Maryland voters to decide marijuana legalization amendment in November

By: Samuel Wonacott

Here’s what’s in store for you as you start your day:

  1. Maryland voters to decide a marijuana legalization amendment in November
  2. Calvin Smyre, longest-serving Georgia lawmaker, resigns from state House 
  3. Six governors running for re-election this year have collectively raised $190 million

Maryland voters to decide marijuana legalization amendment in November

On April 1, the Maryland General Assembly referred a constitutional amendment to the ballot that would legalize marijuana for adults 21 or older beginning in July 2023. Lawmakers also approved a bill for the use, distribution, regulation, and taxation of marijuana that would go into effect if voters approve the amendment. If voters approve the amendment, Maryland would join 18 states and Washington, D.C., in legalizing marijuana for recreational use. The amendment is the first marijuana-related measure to qualify for the 2022 ballot.

To put a legislatively referred constitutional amendment before Maryland voters, a 60% vote is required in both chambers. The constitutional amendment was introduced as House Bill 1. The state House approved it 96-34 on Feb. 25. The Senate approved HB1, with amendments, 29-17 on April 1. The House voted 94-39 to agree to the Senate amendments. The bill does not need the governor’s signature to appear on the ballot.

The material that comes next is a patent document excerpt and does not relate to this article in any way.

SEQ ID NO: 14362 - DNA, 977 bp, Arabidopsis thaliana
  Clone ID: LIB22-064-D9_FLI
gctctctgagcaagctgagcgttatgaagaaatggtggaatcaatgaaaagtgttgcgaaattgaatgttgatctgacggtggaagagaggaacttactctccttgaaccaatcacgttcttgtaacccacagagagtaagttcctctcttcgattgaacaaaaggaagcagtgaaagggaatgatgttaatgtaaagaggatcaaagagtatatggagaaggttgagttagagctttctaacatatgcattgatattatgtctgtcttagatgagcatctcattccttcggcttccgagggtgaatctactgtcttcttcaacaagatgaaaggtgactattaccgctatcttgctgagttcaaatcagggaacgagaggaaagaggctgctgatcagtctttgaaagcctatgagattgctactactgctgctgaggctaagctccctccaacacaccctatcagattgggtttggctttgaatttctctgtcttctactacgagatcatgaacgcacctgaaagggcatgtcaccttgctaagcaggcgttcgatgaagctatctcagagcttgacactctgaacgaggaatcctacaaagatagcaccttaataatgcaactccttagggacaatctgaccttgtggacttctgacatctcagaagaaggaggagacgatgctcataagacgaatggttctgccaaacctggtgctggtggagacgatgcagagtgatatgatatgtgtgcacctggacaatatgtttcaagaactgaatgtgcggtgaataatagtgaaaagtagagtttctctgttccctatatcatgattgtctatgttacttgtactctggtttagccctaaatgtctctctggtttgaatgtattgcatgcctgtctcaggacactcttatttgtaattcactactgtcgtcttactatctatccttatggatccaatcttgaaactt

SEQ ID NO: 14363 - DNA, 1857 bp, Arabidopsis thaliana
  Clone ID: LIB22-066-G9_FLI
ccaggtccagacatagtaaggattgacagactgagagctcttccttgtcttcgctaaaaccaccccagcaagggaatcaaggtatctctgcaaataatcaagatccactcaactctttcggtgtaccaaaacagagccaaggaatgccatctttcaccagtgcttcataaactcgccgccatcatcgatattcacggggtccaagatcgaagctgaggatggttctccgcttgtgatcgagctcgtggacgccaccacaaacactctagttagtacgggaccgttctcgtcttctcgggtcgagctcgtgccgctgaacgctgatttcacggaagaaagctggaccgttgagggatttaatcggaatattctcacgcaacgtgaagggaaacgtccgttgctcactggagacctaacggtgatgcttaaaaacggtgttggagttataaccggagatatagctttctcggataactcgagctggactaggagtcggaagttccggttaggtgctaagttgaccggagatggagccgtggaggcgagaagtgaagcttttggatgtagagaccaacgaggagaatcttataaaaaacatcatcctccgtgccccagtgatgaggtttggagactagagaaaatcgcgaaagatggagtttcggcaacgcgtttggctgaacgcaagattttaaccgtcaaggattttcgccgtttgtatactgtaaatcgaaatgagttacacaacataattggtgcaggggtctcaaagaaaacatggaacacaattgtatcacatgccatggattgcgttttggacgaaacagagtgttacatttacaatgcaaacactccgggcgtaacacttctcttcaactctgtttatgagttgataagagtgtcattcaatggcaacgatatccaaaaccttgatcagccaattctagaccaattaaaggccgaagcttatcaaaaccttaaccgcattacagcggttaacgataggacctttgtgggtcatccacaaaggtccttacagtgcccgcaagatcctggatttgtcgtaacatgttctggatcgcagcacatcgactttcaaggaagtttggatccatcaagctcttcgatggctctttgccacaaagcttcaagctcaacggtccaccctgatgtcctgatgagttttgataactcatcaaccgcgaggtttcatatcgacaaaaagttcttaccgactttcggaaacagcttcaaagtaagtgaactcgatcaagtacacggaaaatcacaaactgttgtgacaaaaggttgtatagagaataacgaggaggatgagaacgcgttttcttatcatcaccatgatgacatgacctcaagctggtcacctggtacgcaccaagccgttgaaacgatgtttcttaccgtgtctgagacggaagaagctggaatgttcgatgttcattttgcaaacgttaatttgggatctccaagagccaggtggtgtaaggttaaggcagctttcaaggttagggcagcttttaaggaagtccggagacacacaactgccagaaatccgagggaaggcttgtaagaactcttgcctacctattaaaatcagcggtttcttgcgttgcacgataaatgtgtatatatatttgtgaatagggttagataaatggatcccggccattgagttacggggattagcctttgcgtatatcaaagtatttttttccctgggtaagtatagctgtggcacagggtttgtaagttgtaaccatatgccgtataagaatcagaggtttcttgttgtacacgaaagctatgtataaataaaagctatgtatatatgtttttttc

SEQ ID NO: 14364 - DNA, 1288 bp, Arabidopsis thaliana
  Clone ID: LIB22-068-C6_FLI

On the same day, the legislature passed House Bill 837, which would take effect if voters approve HB1. HB 837 would:

  • Legalize the personal use and possession of up to 1.5 ounces or 12 grams of concentrated cannabis for individuals 21 years of age or older. 
  • Legalize the possession of up to two cannabis plants. 
  • Change the criminal penalties for persons found possessing cannabis under the age of 21. 
  • Automatically expunge convictions for conduct that would be made legal under the law. Individuals serving time for such offenses would be allowed to file for resentencing. 
  • Require specific studies on the use of cannabis, the medical cannabis industry, and the adult-use cannabis industry. 
  • Establish the Cannabis Business Assistance Fund and the Cannabis Public Health Fund.

In 2020, voters in Arizona, Montana, New Jersey, and South Dakota approved ballot measures to legalize recreational marijuana. The New Jersey Legislature was the first in the country to refer a recreational marijuana legalization measure to the ballot. In South Dakota, the Hughes County Circuit Court ruled the measure unconstitutional on Feb. 8, 2021. The state supreme court upheld the lower court ruling.

Marijuana has been illegal in the United States since 1937, when Congress prohibited its use for recreational, industrial, and therapeutic purposes with the Marihuana Act of 1937. Under the Controlled Substances Act of 1970, the drug and all its cannabinoid forms were classified as Schedule I substances. Schedule I substances are considered to have a high potential for dependency and no accepted medical use. This classification made distribution of marijuana a federal offense.

The first time a marijuana legalization measure appeared on the ballot was in California in 1972, when voters rejected Proposition 19. Between 1972 and 2020, voters in 21 states voted on 75 marijuana-related ballot measures. Not all of them were for legalization. Some were bans, some were related to medical marijuana, and some were related to taxing medical or recreational marijuana.